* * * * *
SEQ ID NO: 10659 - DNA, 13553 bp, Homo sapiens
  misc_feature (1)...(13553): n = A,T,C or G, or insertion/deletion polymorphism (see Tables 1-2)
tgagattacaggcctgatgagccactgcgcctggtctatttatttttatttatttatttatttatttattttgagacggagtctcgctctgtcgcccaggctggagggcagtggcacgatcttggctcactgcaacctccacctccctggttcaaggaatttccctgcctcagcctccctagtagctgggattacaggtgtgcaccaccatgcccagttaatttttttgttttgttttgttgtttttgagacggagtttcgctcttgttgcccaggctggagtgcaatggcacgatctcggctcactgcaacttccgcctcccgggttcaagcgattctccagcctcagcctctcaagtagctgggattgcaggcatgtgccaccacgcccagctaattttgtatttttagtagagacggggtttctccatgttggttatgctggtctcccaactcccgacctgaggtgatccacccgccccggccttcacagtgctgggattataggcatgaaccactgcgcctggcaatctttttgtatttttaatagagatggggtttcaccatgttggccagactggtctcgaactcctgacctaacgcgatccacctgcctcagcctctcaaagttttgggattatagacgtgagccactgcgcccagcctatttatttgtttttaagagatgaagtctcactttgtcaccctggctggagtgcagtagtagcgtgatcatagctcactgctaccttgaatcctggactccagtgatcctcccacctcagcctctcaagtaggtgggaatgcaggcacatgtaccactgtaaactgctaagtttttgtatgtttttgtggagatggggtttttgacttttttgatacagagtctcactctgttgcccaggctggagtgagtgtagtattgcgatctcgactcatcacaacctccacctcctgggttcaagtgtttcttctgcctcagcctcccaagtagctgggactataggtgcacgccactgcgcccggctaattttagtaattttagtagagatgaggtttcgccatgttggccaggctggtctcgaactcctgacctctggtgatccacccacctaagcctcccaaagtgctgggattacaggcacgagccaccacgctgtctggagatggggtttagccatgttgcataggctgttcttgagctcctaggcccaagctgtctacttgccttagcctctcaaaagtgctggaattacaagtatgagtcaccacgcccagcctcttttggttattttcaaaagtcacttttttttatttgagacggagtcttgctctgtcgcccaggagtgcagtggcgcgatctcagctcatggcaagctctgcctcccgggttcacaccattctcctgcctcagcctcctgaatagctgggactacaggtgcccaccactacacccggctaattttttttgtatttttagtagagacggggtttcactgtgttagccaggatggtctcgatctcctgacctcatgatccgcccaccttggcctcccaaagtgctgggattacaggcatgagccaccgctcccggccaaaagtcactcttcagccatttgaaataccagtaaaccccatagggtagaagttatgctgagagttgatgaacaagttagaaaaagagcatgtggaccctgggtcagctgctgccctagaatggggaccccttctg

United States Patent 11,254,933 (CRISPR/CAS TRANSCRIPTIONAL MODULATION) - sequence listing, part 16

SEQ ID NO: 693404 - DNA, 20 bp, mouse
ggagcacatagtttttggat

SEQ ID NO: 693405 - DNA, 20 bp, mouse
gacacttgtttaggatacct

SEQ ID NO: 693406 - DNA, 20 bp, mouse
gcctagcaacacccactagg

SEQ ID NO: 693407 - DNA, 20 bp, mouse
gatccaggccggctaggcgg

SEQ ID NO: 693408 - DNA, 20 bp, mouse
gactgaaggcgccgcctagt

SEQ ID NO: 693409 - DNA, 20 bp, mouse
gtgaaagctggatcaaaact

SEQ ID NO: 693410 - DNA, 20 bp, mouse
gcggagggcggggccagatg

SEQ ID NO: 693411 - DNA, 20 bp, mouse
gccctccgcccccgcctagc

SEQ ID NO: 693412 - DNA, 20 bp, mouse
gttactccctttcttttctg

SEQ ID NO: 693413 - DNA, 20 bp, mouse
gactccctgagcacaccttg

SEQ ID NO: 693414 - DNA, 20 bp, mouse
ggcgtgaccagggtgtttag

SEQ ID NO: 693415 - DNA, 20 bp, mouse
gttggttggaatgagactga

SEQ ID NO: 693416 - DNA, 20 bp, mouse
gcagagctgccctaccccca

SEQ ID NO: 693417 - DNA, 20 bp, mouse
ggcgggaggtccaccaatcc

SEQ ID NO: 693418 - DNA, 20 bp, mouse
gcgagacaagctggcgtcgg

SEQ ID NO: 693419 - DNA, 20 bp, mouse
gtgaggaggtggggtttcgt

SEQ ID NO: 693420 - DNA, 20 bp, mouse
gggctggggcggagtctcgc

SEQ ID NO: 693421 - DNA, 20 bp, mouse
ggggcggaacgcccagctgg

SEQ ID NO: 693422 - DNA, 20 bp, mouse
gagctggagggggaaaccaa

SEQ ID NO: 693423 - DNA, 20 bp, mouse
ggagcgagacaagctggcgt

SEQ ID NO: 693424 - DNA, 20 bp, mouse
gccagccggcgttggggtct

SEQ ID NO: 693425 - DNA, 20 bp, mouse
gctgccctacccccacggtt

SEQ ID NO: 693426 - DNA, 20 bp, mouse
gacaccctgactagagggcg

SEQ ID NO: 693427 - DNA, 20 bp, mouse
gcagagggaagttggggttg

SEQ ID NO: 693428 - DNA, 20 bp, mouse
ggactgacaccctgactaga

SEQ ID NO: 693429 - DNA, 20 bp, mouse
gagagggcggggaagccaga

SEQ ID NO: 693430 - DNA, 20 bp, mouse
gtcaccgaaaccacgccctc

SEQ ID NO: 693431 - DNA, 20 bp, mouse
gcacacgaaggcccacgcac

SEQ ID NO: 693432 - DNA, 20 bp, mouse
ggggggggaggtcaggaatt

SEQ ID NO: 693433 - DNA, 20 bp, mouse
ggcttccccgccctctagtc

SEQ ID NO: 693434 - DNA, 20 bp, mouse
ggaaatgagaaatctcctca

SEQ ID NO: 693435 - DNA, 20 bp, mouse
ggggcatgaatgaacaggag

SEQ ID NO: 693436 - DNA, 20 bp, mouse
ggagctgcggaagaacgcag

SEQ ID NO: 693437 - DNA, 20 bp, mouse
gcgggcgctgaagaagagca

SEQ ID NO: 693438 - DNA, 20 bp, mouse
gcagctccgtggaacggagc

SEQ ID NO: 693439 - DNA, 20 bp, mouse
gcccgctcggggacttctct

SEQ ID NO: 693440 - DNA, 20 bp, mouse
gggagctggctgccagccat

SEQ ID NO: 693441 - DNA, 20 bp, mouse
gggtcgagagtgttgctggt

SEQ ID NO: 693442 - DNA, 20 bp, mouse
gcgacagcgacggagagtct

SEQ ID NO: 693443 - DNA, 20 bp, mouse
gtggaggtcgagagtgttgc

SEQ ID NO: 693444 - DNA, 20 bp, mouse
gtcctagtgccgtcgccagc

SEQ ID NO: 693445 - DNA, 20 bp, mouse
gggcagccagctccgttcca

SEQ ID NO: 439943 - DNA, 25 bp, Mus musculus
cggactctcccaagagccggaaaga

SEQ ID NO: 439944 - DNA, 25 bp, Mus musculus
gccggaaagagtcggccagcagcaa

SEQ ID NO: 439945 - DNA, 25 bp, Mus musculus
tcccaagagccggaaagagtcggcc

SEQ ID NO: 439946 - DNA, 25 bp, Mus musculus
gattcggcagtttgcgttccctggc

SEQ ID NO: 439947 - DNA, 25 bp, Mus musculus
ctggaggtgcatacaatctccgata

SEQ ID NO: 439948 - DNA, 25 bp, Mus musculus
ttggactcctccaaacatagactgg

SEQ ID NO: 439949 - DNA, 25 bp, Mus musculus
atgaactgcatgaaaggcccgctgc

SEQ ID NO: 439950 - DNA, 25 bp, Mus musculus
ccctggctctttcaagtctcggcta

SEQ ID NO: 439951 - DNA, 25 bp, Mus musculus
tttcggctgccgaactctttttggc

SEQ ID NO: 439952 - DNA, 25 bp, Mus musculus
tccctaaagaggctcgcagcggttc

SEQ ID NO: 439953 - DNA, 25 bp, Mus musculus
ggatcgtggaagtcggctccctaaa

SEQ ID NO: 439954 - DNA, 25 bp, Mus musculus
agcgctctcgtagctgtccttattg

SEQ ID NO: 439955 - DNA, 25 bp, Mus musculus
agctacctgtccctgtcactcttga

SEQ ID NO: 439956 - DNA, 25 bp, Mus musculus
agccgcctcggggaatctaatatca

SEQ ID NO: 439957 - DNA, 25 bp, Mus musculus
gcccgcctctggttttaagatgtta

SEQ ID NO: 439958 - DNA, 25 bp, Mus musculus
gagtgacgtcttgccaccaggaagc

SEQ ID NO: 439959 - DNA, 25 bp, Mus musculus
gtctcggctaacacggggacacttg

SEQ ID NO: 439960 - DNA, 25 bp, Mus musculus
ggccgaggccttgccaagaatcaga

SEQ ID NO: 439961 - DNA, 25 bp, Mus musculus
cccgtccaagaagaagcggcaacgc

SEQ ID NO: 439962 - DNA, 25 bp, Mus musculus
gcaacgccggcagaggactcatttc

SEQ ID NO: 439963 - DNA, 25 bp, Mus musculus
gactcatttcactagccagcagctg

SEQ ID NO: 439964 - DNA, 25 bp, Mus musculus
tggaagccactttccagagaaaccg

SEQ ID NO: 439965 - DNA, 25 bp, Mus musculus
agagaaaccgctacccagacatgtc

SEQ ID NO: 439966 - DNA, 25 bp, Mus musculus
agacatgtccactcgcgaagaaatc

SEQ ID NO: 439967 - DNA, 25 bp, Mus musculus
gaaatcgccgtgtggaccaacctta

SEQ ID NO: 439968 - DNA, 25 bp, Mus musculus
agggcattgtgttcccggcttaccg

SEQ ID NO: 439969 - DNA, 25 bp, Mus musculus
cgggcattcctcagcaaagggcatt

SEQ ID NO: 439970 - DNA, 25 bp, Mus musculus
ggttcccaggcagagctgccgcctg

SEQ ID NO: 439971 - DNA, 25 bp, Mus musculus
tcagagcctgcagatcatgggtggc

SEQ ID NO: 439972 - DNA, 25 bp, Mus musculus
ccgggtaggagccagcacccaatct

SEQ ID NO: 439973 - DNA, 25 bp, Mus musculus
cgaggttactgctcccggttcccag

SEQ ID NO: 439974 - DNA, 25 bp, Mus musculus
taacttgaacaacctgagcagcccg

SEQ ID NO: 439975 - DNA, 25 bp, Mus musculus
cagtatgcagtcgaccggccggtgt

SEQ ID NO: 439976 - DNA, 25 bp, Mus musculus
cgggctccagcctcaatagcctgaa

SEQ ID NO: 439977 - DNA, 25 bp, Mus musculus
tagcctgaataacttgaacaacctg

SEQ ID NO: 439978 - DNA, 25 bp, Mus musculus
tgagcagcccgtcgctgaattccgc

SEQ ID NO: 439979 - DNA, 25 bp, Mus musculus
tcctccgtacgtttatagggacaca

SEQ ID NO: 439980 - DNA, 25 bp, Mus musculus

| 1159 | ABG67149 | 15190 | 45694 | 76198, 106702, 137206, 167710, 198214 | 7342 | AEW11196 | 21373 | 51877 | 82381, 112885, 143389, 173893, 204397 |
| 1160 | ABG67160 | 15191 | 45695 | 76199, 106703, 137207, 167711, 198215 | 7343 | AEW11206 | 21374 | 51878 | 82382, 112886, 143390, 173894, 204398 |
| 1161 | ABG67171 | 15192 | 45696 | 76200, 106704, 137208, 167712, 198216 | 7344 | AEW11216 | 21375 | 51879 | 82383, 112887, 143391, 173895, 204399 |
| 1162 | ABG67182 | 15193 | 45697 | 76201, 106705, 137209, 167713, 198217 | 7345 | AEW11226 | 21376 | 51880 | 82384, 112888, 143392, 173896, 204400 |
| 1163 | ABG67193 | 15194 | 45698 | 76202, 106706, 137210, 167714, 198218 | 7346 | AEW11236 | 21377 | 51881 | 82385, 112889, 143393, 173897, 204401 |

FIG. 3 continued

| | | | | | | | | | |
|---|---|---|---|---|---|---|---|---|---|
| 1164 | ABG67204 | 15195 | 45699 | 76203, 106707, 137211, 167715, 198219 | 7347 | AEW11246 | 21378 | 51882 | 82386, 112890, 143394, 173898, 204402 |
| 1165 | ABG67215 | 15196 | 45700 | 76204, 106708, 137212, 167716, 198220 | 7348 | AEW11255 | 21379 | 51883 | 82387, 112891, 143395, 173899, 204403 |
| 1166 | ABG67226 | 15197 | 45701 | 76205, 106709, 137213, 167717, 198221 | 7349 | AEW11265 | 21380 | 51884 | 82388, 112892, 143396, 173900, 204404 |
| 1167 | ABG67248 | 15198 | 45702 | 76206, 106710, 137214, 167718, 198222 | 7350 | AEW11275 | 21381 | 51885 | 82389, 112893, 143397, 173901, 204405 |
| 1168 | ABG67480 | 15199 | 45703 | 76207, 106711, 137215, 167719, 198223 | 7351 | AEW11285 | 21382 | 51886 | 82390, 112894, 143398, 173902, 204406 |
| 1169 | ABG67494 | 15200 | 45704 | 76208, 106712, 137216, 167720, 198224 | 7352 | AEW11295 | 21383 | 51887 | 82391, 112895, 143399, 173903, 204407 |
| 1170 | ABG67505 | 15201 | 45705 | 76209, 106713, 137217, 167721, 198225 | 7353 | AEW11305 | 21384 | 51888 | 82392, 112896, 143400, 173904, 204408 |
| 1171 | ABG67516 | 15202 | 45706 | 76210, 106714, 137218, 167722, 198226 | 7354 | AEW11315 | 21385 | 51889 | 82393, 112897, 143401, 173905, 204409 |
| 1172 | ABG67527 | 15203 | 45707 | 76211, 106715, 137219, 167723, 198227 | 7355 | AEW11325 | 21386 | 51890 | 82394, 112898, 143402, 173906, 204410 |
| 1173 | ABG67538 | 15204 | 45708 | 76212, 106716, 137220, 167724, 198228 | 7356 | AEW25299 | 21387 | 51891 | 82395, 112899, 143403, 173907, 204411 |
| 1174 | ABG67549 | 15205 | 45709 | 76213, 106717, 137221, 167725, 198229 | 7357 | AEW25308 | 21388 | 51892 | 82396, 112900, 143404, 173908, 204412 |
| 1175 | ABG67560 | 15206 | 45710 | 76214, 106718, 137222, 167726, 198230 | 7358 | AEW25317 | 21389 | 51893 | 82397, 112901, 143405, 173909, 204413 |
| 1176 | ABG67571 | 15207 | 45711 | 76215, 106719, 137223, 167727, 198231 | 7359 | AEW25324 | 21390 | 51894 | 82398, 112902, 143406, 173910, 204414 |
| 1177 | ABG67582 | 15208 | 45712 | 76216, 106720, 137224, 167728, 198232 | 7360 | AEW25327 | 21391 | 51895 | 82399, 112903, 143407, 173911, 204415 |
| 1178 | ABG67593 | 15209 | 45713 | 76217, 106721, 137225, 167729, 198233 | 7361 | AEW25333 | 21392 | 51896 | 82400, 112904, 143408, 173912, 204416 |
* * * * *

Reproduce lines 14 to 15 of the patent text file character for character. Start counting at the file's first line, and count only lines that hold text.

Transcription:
gactgaaggcgccgcctagt

SEQ ID NO: 693409 - DNA, 20 bp, mouse